Easy drug bust

DESCRIBED as “one of the easiest drug busts the NSW Police has ever made”, a man has been charged with driving and drug offences after allegedly crashing a van carrying hundreds of kilograms of drugs into parked police cars before driving off.

After van with $200m in drugs hits police car

The man has been charged with large commercial drug supply, negligent driving, and not give particulars to police.

THE 26-year-old driver of a van allegedly carrying $200m worth of drugs that crashed into police cars outside Eastwood Police Station last Monday, had “certainly had a very, very bad day”.

“Crashing into police vehicles with that amount of drugs on board is somewhat unheard of –  it’s an exceptional set of circumstances,” Detective Chief Inspector Glyn Baker said.

CCTV images released by police, show the Toyota HiAce allegedly swerving sharply and smashing into parked police cars in front of Eastwood Police Station just after 10.30am on Monday, July 22.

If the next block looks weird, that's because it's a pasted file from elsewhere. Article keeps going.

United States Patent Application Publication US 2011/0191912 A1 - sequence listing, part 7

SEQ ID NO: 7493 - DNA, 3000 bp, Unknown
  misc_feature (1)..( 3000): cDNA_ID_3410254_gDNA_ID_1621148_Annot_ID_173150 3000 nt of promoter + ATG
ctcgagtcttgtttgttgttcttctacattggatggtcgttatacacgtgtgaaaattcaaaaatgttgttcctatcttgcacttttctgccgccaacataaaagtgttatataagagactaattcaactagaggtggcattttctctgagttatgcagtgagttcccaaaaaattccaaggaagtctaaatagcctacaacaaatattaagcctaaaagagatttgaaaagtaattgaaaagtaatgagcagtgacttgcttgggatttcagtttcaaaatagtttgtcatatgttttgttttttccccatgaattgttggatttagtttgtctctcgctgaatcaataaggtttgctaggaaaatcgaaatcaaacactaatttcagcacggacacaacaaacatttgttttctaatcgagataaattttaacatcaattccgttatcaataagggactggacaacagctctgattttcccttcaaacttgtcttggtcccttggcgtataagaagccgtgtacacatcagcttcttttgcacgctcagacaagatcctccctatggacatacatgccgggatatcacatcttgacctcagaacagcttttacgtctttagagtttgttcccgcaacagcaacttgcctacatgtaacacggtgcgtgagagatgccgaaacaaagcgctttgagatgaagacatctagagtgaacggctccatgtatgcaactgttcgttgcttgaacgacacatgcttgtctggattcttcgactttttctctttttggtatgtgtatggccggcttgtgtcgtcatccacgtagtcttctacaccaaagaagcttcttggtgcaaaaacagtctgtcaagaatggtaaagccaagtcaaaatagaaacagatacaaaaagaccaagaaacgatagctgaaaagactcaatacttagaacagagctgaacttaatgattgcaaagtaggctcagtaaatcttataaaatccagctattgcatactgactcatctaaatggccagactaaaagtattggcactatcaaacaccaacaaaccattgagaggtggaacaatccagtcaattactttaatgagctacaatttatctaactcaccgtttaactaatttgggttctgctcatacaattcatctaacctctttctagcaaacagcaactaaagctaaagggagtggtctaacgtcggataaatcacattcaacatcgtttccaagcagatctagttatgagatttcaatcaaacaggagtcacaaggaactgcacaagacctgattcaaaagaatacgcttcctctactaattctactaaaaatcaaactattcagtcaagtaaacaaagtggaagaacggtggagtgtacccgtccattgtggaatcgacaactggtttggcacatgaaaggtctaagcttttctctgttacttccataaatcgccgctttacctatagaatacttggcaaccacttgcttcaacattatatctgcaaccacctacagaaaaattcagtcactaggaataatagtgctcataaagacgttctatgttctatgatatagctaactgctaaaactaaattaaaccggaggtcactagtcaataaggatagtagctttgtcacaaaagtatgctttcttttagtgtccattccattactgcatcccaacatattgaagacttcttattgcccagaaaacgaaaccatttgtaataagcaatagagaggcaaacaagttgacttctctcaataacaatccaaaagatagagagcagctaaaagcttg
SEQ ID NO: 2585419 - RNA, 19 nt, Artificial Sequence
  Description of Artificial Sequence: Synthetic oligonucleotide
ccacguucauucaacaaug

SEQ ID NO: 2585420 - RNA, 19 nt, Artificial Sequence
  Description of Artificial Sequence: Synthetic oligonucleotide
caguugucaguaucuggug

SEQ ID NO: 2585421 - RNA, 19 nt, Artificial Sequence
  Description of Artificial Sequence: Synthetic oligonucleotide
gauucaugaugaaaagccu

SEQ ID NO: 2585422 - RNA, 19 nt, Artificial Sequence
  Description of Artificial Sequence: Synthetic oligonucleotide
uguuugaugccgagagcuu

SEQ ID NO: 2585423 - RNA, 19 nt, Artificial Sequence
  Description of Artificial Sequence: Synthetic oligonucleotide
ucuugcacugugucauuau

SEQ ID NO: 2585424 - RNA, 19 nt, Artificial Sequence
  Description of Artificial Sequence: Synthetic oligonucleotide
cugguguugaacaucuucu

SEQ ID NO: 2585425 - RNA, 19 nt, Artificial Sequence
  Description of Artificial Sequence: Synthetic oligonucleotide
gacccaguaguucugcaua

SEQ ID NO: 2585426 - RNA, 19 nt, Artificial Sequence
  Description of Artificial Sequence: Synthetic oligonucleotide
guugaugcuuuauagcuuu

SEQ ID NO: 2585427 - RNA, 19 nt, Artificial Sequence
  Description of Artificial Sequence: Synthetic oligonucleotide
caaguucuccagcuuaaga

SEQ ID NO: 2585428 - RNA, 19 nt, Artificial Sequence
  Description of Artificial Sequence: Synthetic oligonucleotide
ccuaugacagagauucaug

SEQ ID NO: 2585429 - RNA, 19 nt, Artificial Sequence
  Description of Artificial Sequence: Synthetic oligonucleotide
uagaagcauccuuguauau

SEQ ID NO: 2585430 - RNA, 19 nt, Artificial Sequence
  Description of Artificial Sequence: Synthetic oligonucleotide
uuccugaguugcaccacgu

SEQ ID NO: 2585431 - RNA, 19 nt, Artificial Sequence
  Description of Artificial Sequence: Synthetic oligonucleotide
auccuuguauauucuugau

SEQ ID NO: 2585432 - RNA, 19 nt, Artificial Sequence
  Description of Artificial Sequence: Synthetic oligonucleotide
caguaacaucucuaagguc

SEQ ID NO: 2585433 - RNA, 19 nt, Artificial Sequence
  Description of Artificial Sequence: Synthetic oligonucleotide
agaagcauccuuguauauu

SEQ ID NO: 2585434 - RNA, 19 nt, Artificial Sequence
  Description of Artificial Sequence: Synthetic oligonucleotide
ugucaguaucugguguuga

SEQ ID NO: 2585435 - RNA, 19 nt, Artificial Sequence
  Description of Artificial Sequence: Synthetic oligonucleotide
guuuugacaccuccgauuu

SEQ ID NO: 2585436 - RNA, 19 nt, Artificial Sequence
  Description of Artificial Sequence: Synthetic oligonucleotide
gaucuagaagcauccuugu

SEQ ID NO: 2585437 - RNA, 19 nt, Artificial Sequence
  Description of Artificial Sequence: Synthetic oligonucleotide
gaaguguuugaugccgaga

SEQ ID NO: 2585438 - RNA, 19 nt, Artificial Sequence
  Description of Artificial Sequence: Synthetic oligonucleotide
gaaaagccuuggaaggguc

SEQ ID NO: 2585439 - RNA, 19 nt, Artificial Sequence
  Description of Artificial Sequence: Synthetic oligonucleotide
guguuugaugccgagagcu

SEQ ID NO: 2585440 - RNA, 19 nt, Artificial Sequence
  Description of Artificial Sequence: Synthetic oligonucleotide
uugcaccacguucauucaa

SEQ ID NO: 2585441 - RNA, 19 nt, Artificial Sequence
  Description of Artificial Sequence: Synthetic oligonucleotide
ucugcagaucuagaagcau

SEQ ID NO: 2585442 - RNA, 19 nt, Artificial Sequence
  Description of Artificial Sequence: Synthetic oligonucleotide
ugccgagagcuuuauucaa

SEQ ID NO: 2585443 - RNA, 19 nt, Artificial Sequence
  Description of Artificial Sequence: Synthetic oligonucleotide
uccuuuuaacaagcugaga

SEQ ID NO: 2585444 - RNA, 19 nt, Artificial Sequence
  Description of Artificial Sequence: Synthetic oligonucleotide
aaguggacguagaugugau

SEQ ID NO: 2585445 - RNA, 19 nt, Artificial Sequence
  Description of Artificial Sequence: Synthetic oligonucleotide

One of the police vehicles sustained significant damage, but no one was injured.

About an hour later, an inspector from Ryde Police Area Command stopped the HiAce on Church Street in Ryde.

Det Insp Baker admitted that the inspector was “extremely surprised” when a search of the vehicle allegedly uncovered 13 boxes, each containing 21 one-kilogram bags of a substance which presumptive testing indicated was methylamphetamine or ice.

He said the reason the van swerved wasn’t clear and the alleged driver had declined to be interviewed.

In total, police seized 273kg of ice, with an estimated potential street value of more than $200 million.

The van was also seized for further forensic examination.

Detectives from Ryde Police Area Command, with assistance from the State Crime Command’s Drug and Firearms Squad, are investigating the incident and have begun a hunt for the syndicate involved.

They have appealed for any dashcam footage from the area for between 10.30am and 11.30am, as well as any CCTV or other vision, or information about the van’s movements throughout the morning.

Anyone with information that may assist investigators can contact Crime Stoppers on 1800 333 000.